Movie Mom

Movie Mom


Phone Booth

posted by rkumar
C
Lowest Recommended Age:Mature High Schooler
Profanity:Very strong language
Nudity/Sex:References to adultery
Alcohol/Drugs:Smoking
Violence/Scariness:Intense peril, characters shot and killed
Diversity Issues:Strong, wise, capable African-American character
Movie Release Date:2003

Even the most paranoid fantasies have to make sense at some level, and this one just doesn’t.

The premise is all right. Colin Farrell plays Stu, whose job is Hollywood’s favorite indicator of utter corruption — he’s a publicist. We meet him walking down the street, his intern trotting beside him, handing him pre-dialed cell phones so he can keep up a continuous loop of shmoozing, badgering, lying, and manipulating his various clients, sources, and outlets — including a pretty would-be actress named Pam (Katie Holmes), a tasty prospect for both business and pleasure.

But Stu doesn’t want to call Pam from the cell phone because his wife sees the bills. So he stops in the last phone booth in Manhattan, which turns out to be a very big mistake.

The phone rings, and Stu answers. The man on the other end (Kiefer Sutherland) tells him that he has a rifle pointed at Stu, and that he will shoot him if he hangs up or tells anyone about it. He seems to know all about Stu, his wife Kelly (Rhada Mitchell), and Pam. When a pimp comes after Stu because his girls want to use the phone, the sniper shoots him, and the police, led by Captain Ramey (Forrest Whitaker), think Stu did it. Stu is surrounded by police with guns pointed at him, both Pam and Kelly are there, and the sniper will not let him get off the phone.

This film is based on a short student film and was shot in just 12 days. It’s a Hollywood film that is trying for the vibe — and the indie cred — of a smaller film. Just as “The Blair Witch Project” made its liability (no money) into an asset (making it look as though the footage was from a student film), this movie tries to have Stu’s confinement in the phone booth shape both the story and its impact. While it does create a lot of tension and Farrell and Whitaker are always great to watch, the movie feels manipulative and padded. The “Who do you think you are?” sign behind Stu and the “I’ll never lie again and will show the proper respect” climax are heavy-handed and pretentious and the attempted twist at the end is heavy-handed and predictable. Farrell, usually impeccable with American accents, completely misses in his attempt to sound like an upwardly mobile guy from the Bronx.

Parents should know that the movie has extreme and intense peril and violence. Characters are killed without provocation and there are references to other murders. Characters smoke and use very strong language and there are references to adultery (or the wish to commit adultery).

Families who see this movie should talk about what the characters are likely to do next. How will Stu change?

Families who enjoy this movie might also enjoy some other phone-centered thrillers like “Sorry Wrong Number” and “Dial M for Murder” and a brilliant movie about the relationship between a corrupt publicist and an even more corrupt columnist, “The Sweet Smell of Success.”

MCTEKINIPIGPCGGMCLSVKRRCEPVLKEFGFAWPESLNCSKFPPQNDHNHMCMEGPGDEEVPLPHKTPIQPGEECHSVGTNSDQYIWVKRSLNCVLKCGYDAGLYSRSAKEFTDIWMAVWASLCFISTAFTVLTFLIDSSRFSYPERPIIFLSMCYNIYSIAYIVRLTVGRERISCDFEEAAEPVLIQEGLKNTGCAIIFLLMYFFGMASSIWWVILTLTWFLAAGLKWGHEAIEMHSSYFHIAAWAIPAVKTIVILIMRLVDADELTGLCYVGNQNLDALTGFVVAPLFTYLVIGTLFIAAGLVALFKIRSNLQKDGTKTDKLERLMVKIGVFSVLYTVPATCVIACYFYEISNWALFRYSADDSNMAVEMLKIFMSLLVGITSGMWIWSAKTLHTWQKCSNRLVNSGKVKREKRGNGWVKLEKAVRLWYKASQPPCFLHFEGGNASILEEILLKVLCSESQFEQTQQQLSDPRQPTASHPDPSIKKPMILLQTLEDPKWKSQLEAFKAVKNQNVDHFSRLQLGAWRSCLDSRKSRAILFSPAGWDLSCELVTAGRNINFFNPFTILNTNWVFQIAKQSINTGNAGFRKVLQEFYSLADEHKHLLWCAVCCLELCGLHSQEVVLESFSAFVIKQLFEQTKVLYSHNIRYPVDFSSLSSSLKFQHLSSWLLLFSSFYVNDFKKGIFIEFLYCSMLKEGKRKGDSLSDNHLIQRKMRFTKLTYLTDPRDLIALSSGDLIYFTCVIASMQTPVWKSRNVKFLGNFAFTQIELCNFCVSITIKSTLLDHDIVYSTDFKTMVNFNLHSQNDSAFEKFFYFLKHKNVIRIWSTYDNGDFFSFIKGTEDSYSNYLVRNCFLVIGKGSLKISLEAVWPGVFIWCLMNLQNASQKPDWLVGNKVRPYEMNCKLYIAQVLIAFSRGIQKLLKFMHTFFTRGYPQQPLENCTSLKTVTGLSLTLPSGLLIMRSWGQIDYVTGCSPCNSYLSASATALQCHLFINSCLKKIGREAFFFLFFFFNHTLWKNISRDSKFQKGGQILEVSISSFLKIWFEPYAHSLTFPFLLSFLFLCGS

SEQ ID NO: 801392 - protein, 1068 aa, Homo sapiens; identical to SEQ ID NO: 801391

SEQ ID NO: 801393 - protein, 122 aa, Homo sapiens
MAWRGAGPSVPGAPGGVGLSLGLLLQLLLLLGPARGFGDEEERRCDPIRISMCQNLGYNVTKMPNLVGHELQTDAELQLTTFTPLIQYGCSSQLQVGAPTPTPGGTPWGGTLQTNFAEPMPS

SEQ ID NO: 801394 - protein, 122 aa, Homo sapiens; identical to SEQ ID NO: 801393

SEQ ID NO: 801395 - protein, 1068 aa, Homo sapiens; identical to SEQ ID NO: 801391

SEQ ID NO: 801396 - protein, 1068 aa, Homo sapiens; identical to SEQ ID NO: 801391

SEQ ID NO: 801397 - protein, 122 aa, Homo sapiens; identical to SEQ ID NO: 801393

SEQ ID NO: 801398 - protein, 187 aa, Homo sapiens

Previous Posts

Interview: Todd and Jedd Wider about the Bullying Documentary "Mentor"
Producers Todd and Jedd Wider generously took time to answer my questions about their documentary, "Mentor," the story of two teenagers who committed suicide following relentless bullying. The film, which received Honorable Mention for Best Documentary Feature at the 2014 Woodstock Film Festival th

posted 3:56:57pm Oct. 24, 2014 | read full post »

Clip: Tinkerbell and the Legend of the NeverBeast
[iframe width="560" height="315" src="//www.youtube.com/embed/ApzHJhZz2JQ" frameborder="0"] The latest in Disney's animated Tinkerbell series adds Ginnifer Goodwin to the cast. Coming in March of 2015, it explores the ancient myth of a mysterious creature whose distant roar sparks the curiosity

posted 1:23:59pm Oct. 24, 2014 | read full post »

Interview: "Avatar" Villain Stephen Lang on Playing a Good Guy Coach in "23 Blast"
Stephen Lang is best known for playing the villain in "Avatar." But in "23 Blast," based on the real-life story of Travis Freeman, a high school football player who lost his vision but stayed on the team, Lang plays a good guy, the coach who encouraged and supported him. I talked to Lang about actin

posted 5:56:30am Oct. 24, 2014 | read full post »

Birdman (The Unexpected Virtue of Ignorance)
Filmed as though it was almost entirely one long, stunning, audacious, breathless and breathtaking shot, "Birdman" (subtitled "The Unexpected Virtue of Ignorance") explodes with ideas and visions, adopting the language of dreams to explore and upend the very idea of storytelling. Michael Keaton p

posted 5:59:46pm Oct. 23, 2014 | read full post »

John Wick
This is a movie directed by two stunt men, which means it is pretty much a first-person shooter video game projected onto a movie screen. But that also means that it is directed by people wh

posted 5:44:02pm Oct. 23, 2014 | read full post »




Report as Inappropriate

You are reporting this content because it violates the Terms of Service.

All reported content is logged for investigation.